BREDESEN ANNOUNCES GRANT FOR UNIVERSITY OF MEMPHIS “OPERATION SAFE COMMUNITY”
NASHVILLE – Governor Phil Bredesen today announced the University of Memphis will receive a grant totaling over $500,000 to support “Operation Safe Community: Integrated Gang and Violent Crime Reduction Project.” The federal grant, provided through the Edward Byrne Memorial Justice Assistance Grant Program, will support the University’s role in Memphis Project Safe Neighborhoods, bringing together local and federal agencies in an effort to reduce crime.
“This grant will help the University support a cooperative effort in Memphis, not only to eliminate so-called ‘gang’ crimes, but to provide positive youth development as well,” Bredesen said. “The University is an important part of the community and I’m pleased to see these funds provided to support local officials in this effort.”
Through the $536,609 grant, the University of Memphis will conduct a comprehensive assessment of gangs in Memphis and Shelby County; implement a pilot project in Shelby County for positive youth development; and provide evaluation support for the Operation Safe Community.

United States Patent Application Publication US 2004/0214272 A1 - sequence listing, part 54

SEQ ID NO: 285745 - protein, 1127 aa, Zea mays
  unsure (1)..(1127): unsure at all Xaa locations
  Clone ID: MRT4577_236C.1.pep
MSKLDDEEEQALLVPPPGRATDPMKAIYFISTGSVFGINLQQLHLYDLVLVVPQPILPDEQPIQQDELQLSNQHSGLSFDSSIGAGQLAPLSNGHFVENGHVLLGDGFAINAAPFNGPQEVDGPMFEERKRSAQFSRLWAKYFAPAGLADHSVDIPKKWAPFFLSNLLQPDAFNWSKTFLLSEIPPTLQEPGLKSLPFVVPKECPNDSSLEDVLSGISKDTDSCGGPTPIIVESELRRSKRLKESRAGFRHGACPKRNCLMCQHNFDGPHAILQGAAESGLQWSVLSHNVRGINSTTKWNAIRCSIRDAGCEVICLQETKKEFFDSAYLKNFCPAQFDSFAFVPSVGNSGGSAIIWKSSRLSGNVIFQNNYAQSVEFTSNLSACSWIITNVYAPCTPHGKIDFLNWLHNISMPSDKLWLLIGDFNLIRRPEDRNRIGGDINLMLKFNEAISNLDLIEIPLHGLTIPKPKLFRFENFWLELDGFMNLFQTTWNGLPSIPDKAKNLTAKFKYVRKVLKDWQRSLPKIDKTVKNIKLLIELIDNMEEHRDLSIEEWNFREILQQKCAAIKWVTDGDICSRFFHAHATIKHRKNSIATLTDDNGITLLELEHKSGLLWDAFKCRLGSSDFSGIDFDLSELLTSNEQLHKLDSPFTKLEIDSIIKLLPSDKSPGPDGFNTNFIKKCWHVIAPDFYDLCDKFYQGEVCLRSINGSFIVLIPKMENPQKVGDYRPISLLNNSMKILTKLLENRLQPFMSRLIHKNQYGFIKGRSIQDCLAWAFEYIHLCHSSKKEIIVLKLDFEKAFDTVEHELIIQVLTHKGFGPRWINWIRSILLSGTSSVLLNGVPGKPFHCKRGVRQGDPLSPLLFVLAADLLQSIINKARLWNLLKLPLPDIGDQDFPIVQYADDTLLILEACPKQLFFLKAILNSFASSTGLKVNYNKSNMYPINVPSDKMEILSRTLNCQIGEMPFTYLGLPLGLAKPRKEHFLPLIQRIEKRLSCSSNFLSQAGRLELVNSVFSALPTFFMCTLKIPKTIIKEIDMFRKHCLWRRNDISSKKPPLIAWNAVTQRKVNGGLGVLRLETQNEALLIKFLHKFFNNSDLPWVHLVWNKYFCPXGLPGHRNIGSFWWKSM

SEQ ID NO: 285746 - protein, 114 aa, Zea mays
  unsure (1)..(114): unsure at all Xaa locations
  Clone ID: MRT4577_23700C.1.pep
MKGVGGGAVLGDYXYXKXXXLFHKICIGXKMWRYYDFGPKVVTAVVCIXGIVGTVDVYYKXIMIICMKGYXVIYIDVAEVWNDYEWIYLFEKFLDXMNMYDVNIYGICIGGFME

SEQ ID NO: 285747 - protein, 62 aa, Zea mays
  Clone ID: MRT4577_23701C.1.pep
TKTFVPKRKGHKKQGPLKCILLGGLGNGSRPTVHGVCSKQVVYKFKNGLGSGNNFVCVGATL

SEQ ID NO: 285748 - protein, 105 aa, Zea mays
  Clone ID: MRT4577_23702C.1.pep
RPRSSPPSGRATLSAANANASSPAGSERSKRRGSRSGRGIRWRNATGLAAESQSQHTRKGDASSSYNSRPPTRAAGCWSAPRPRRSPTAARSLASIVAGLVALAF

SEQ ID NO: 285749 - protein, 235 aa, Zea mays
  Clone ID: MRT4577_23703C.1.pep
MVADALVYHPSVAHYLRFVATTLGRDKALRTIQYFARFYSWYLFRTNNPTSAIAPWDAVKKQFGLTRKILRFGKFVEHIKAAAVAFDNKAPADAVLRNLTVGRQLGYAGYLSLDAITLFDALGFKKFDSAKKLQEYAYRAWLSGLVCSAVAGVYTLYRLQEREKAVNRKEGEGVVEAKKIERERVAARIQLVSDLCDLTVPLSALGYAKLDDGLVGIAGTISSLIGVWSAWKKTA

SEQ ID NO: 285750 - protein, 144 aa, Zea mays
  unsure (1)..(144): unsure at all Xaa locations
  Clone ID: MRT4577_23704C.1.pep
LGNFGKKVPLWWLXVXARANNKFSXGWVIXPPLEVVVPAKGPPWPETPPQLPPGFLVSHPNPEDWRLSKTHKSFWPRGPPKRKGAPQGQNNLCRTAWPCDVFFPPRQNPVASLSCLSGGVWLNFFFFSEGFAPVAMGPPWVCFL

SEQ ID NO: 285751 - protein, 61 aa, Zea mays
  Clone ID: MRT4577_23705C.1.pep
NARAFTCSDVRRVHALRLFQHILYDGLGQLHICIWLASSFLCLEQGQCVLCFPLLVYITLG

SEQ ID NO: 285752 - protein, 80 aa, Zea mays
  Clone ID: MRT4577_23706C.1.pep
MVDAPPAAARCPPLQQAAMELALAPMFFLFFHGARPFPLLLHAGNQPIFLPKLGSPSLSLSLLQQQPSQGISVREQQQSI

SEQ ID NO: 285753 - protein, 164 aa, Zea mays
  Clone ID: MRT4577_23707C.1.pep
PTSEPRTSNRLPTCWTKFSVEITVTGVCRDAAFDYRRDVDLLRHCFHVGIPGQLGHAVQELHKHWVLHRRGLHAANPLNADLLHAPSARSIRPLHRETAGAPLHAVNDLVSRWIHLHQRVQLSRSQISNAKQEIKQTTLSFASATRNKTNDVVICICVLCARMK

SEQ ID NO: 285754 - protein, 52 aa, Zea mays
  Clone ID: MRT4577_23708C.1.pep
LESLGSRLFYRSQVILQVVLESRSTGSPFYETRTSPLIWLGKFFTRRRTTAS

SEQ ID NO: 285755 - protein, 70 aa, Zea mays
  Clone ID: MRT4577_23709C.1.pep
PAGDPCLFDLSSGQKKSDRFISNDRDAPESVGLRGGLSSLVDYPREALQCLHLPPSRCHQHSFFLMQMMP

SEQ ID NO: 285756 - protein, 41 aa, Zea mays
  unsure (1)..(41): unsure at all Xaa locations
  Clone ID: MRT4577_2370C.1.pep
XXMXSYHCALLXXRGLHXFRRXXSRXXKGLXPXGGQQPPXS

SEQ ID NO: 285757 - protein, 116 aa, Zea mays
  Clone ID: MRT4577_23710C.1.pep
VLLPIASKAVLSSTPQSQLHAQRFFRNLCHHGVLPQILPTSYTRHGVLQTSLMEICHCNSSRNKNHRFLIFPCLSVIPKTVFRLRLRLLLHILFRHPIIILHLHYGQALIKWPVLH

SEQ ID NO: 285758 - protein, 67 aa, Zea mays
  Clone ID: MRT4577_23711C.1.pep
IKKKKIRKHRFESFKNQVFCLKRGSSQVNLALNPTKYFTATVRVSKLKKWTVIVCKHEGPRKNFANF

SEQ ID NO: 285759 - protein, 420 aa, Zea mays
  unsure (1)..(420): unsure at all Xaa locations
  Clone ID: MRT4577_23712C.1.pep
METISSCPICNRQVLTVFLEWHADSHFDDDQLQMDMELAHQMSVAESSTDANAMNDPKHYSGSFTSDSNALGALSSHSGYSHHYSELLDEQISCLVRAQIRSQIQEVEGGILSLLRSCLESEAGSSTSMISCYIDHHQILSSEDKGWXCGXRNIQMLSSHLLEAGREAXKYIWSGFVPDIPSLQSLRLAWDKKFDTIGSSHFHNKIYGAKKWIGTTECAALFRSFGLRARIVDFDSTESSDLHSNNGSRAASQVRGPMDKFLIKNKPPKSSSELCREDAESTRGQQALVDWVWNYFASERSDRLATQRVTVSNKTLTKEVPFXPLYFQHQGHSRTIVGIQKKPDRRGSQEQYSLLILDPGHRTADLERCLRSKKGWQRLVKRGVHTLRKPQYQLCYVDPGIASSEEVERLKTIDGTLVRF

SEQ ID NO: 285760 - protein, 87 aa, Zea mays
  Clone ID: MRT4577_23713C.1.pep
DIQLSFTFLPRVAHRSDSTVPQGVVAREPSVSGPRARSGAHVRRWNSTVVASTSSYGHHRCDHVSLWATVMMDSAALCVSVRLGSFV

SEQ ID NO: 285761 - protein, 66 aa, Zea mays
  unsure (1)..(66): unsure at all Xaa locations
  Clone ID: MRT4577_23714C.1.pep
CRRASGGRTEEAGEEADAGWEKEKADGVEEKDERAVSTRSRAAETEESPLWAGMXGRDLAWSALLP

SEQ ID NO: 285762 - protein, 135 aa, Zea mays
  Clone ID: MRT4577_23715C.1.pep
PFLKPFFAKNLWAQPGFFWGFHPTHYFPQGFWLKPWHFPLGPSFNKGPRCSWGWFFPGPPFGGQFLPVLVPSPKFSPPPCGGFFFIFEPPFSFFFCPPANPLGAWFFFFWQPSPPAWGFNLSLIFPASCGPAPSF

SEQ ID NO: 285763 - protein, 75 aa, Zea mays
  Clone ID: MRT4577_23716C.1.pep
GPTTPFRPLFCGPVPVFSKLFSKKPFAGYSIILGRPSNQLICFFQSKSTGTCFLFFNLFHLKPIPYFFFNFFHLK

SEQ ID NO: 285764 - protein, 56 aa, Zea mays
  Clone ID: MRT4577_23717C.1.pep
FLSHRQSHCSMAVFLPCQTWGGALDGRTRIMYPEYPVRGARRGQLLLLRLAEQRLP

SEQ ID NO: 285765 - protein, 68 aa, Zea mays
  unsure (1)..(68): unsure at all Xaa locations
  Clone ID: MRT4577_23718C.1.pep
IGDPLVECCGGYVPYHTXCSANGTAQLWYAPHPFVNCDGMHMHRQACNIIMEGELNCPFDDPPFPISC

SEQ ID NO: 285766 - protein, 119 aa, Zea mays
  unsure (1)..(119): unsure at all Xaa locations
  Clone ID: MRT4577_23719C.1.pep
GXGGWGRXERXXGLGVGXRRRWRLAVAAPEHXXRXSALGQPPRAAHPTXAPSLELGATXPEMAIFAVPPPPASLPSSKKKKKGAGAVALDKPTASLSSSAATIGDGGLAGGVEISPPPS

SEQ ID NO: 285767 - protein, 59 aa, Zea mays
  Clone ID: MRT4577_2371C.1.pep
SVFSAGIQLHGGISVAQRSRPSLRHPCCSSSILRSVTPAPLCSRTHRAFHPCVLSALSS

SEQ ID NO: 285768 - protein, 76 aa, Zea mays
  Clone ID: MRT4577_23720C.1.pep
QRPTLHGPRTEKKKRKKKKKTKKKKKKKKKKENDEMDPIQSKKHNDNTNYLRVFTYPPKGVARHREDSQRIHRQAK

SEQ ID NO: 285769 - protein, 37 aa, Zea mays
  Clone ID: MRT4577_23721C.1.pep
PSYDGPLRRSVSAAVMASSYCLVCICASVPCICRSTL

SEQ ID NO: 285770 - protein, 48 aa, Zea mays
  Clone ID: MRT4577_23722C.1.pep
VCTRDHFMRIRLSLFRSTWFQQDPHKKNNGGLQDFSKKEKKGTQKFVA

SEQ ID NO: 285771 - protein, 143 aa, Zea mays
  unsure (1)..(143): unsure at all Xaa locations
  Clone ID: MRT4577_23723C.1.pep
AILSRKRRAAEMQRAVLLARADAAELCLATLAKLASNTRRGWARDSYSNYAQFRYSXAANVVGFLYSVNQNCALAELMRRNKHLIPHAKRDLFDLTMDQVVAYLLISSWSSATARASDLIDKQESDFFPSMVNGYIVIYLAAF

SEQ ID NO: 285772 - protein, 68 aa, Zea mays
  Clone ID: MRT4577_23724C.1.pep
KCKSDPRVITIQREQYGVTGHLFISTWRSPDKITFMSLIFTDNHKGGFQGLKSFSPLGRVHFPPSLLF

Byrne grants are awarded to states and local governments through the U.S. Department of Justice to support a broad range of activities to prevent and control crime based on their own local needs and conditions. The program provides agencies with the flexibility to prioritize and place justice funds where they need them most.
Bredesen also announced today three additional Byrne grants. The City of Oak Ridge received a grant in the amount of $983,783 for police communications projects, and the City of Murfreesboro received a federal grant of $21,071 to upgrade current software systems used by the County of Rutherford and the City of Murfreesboro. The City of Kingsport was also awarded $13,478 to equip more patrol units technology improvements.
Thanks to Byrne funding in 2007, Tennessee was able to provide correctional programming to approximately 800 offenders in a variety of projects, with resulting recidivism rates well below the national average in all projects. Additionally, victim and witness coordinators in 13 judicial districts provided victim assistance in filing warrants, learning how the criminal justice system works, and obtaining restitution.